My friends Matt and Phaedra are getting married in May, and the reception dinner will be held at Stone Park Cafe, here in Park Slope. I recently joined them (along with Phae’s mom) on a trip over there to discuss the details of the wedding with the owners, both named Josh. Afterwards we ended up staying for dinner. I had never eaten there before, so I wasn’t sure what to expect. We definitely got something of the VIP treatment because of the upcoming wedding, but even so I think we got a really good gauge on the restaurant. Stone Park Cafe is turning out some of the best, most thoughtful and delicious food being served in Brooklyn today.
Stone Park Cafe has what I consider the optimal environment for fine dining — formal and yet relaxed (<a href="http://www.babbonyc.com"Babbo having mastered this atmosphere). This is evident in every aspect of the restaurant. The service (though stretched a little thin that night) was just this side of casual; the walls are decorated with ink-prints of fish caught in nearby waters; the food is refined and yet playful (witness Matt’s “knuckle sandwich” appetizer pictured above, a sandwich of lobster knuckles); and even the music. In fact, during our dinner they played the new Neko Case album in its entirety, which endeared it to me all the more. And if that were not enough, they have Efes beer on draught. I first encountered Efes while in Turkey (fitting, as it’s a Turkish beer), and have been searching in vain for it here in NYC ever since (if you know where I can purchase it, btw, let me know). Efes is a great beer both for drinking on its own and for drinking with food.
I started with an appetizer of butternut squash soup, complete with a tiny ravioli and creme fraiche. It was rich and creamy without being overly sweet, a problem I’ve encountered at lesser restaurants. The bowl was just the right size, though they were also willing to split it into two portions for Phae and her mom.
Next came an example of our VIP treatment: the kitchen sent out an extra course for us, and this was actually my favorite of the night. Meant to be a little preview of spring, delicate little ricotta gnocchi were perched on a puree of fava beans and topped with some mushrooms and tiny grilled asparagus. The gnocchi were light and surprisingly lemony, which matched well with the earthy mushrooms and the vibrant green puree. Nothing exemplifies great seasonal cooking better than this dish.
My entree was actually an appetizer — pasta with black trumpet mushrooms. Our server asked if I wanted it entree sized, which I agreed to. If I had known about the extra course I would have stayed with the appetizer size, as I ended up not being able to finish this. Who am I kidding, if this had been better I would have finished it anyway. This was the only real letdown of my meal, for two reasons. Although the texture of the pasta and the mushrooms was great, the mushrooms weren’t cleaned properly and they came out gritty. In addition, the dish was a little TOO straightforward. I’m all for simple cooking, but this needed a little something extra, either a splash of acidity or some herb to brighten it up. It was fine, but it didn’t live up to the rest of the meal.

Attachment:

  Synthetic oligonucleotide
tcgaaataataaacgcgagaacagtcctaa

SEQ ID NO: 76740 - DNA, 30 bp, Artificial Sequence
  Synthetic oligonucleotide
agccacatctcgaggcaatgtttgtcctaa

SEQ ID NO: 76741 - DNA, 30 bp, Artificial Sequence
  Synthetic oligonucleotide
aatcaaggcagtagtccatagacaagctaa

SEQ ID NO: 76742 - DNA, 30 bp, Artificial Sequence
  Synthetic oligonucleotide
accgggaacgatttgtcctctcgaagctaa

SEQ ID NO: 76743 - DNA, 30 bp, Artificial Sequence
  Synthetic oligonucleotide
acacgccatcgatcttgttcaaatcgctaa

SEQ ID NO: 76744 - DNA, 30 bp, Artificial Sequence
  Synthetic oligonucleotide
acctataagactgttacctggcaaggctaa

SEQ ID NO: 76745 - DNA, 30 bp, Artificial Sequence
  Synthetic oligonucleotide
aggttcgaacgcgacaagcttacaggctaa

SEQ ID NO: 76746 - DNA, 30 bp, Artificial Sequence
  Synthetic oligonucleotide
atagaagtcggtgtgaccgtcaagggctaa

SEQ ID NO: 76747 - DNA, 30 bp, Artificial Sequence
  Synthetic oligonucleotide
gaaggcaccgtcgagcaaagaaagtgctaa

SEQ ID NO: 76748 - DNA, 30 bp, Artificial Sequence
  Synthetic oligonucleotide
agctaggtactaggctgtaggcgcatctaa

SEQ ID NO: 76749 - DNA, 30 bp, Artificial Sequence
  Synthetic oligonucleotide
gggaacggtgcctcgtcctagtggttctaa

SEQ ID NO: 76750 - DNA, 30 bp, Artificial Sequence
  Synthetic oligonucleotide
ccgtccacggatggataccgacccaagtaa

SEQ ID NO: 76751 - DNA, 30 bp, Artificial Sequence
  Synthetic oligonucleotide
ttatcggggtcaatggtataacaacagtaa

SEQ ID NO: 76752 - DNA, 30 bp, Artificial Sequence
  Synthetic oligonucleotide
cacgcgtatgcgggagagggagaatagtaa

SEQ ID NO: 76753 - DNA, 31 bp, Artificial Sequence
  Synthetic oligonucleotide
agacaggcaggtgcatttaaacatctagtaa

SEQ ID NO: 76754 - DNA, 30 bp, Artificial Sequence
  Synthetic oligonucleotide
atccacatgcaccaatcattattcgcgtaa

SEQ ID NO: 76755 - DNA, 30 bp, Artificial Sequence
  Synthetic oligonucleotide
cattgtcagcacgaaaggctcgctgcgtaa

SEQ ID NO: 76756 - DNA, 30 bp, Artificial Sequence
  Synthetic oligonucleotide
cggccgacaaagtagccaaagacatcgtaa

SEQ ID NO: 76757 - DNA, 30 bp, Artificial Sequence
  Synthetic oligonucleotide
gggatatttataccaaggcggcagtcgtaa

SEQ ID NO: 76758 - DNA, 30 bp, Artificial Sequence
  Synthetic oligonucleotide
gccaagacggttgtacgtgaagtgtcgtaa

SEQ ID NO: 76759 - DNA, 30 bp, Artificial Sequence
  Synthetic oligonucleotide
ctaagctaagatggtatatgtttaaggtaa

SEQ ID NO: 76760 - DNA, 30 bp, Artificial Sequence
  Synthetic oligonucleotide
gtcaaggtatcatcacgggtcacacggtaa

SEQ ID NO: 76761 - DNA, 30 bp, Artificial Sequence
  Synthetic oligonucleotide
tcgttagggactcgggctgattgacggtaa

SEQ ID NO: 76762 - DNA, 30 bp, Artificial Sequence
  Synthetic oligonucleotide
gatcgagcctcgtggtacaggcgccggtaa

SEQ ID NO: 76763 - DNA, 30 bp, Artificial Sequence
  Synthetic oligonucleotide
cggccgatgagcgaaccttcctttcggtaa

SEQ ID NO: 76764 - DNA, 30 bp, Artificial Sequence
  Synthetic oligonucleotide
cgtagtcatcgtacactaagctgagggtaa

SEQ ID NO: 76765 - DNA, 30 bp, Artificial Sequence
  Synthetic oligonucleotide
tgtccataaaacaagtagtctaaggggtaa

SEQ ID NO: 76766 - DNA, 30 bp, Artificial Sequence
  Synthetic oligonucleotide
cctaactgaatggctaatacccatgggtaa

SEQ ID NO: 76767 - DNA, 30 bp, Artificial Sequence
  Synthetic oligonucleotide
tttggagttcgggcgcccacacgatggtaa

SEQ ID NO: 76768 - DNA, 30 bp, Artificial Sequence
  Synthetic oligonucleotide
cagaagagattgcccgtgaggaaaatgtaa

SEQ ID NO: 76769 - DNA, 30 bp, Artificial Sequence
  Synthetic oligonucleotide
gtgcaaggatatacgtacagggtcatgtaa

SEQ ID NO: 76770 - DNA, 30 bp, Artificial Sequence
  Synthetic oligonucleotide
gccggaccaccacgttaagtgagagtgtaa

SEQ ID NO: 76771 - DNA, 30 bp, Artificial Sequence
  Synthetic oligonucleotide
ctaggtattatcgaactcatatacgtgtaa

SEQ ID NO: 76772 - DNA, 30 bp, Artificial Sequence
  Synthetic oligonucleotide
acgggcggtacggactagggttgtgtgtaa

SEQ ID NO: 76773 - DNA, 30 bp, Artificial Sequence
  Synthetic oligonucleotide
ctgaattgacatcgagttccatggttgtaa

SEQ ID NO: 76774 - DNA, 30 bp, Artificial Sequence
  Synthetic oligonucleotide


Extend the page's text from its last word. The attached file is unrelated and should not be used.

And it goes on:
At this point we were all loosening out belts, and muttering that we couldn’t eat another bite. Then our server dropped off the dessert menu. The consensus seemed to be that although none of us could possibly eat another bite, we kind of HAD to sample desserts, it was a matter of research. We ordered two to share: chocolate brioche pudding and flourless almond cake.
I have declared my love for bread pudding on the blog before, but this was more chocolate than brioche. That’s not a bad thing, mind you; the chocolate was rich and not too sweet, and matched well with the caramel ice cream served along with it.
The flourless almond cake was not as good. It was served at room temperature, and I think it would have been better slightly warmed. I also think the flavored whipped cream could have been replaced with ice cream, though the fruit compote on the side matched well with the cake. Good, not great.
What was great, however, were the small complimentary glasses of Riesling ice wine we received at the end our meal. I’ve been hoping to try ice wine for a long time, though the price was always prohibitive. Sweet and syrupy, the wine was the perfect end to the meal.
Stone Park Cafe (which received a much-deserved 2-star review from Frank Bruni) is not as well-known as neighborhood fixture Al Di La, but I had a much better meal and experience at Stone Park. Sure we got some special treatment, but I get the impression (especially after having met the owners) that they take both the food and the customer service aspect of the restaurant very seriously. It’s a great “special occasion” restaurant, and if you celebrate there I’m confident that you’ll leave feeling like you got the VIP treatment as well.
Stone Park Cafe — 324 5th Ave., Brooklyn